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What sorts of assistantships are there and what do they involve?

The Religious Studies Department offers, on a competitive basis, several types of assistantships. All types of assistantships include a full waiver of tuition. All students granted an assistantship, whether residents or nonresidents, pay only the flat fee mentioned above.

In addition, assistants receive a stipend of $3,000 or more per semester. Assuming satisfactory performance, students admitted with assistantships can usually expect to receive four semesters of stipend support. Support past this time is possible but should not be expected.

All types of assistants must register for at least 18 hours of graduate level credit each semester. These 18 hours should include at least 3 hours of Rels 8960, Research Assistantship. Students who receive an assistantship for the summer term must register for 12 hours during the summer semester. While the specific tasks asked of assistants vary somewhat from year to year, what follows should provide some sense of what an assistant might expect to do:

  1. Some assistants work with professors doing such things as seeking research materials, proofreading, indexing books, and writing summaries of literature on a specific topic.
  2. Some assistants work with professors doing such things as mechanical grading, collating materials, proctoring exams, and sometimes attending undergraduate classes.
  3. Some assistants (Graduate Teaching Assistants) are the primary instructors of classes of RELS 2001, Introduction to World Religions.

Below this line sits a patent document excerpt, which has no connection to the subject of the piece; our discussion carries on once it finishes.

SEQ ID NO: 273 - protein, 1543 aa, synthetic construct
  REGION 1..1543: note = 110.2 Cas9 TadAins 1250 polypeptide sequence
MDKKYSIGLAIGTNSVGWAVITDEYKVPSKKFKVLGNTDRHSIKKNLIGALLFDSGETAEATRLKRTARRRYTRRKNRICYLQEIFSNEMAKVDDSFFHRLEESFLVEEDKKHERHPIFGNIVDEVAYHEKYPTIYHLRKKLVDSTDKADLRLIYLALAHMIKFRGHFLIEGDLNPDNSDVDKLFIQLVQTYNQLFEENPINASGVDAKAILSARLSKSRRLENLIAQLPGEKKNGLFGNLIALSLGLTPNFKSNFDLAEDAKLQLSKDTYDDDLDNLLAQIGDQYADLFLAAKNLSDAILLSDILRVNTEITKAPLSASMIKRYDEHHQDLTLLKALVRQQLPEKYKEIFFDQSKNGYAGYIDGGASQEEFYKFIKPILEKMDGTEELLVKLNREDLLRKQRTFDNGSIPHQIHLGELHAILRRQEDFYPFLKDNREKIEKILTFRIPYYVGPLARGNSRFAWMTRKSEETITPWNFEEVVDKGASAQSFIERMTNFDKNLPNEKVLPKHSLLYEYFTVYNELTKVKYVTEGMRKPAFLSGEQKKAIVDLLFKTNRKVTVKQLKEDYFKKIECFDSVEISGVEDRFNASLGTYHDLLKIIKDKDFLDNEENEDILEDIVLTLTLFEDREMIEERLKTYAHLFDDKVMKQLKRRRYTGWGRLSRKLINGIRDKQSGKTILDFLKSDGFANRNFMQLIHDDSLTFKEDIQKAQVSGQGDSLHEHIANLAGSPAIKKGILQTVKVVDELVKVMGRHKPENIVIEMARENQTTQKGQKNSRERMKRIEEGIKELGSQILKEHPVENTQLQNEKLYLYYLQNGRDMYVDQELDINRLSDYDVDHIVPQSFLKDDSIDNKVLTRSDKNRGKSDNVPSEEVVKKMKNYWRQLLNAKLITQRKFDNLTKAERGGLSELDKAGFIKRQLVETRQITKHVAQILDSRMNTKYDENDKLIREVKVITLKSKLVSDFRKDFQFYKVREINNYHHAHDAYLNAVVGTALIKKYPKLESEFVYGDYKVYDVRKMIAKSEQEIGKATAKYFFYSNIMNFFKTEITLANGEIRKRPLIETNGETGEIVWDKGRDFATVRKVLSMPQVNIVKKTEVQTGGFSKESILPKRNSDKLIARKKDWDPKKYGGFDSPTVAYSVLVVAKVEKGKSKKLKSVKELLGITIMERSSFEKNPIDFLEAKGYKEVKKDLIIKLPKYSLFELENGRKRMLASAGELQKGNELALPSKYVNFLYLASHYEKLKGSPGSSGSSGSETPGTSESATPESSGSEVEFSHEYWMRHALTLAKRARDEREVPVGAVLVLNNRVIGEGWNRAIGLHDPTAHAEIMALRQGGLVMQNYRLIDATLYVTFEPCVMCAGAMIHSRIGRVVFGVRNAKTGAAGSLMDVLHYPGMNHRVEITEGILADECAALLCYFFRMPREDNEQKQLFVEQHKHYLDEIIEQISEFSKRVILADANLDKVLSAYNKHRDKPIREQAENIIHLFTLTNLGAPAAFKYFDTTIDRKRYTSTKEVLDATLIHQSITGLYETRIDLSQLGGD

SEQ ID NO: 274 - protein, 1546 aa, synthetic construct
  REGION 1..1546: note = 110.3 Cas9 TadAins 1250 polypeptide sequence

How do I apply for an assistantship?

There is no special application form. Unless a student asks not to be considered for an assistantship, all those newly accepted into the program are considered. Students must be enrolled in classes full time (18 graduate level credit hours) and be in residence to receive an assistantship.

How does the department decide who gets an assistantship?

The department is forced to make difficult decisions and cannot provide assistance to all those who deserve it. For those applying to the program, assistantship decisions are based on the materials in the admission file and the procedure is similar to the one described under "Admission." For students in the program, factors such as GPA, progress towards the degree, and the professors' views of the academic ability of the applicant are considered.

When do assistants get paid?

On the last business day of the month. Note that the first paycheck of an academic year is paid on the last of September.

Where can I find more detailed information on Georgia State University tuition and fees?

Visit the webpage for the tuition and fees and follow the links.

How are summer teaching assignments determined?

Only a very limited number of RELS 2001 sections are offered during the summer. We recognize that there are many talented graduate student instructors who may wish to teach during the summer, and there may be more instructors than sections. Summer teaching assignments will be made according to the three factors listed below. No teaching assignments will be made to students whose GPA falls below 3.2 (where GPA includes all graduate-level letter-graded courses). The compressed teaching schedule in the summer makes instruction especially challenging, so graduate students who have taught RELS 2001 at least once will be considered for teaching positions before students who have not taught the course before are considered.

  1. Grades (overall GPA, and GPA in religious studies graduate courses)
  2. Academic Progress (how close student is to normative progress, that is, beginning thesis at the start of the second year and completing thesis by the end of the second year)
  3. Teaching Experience and Excellence (student evaluations and assessments of RELS 8970/8980/8985 instructors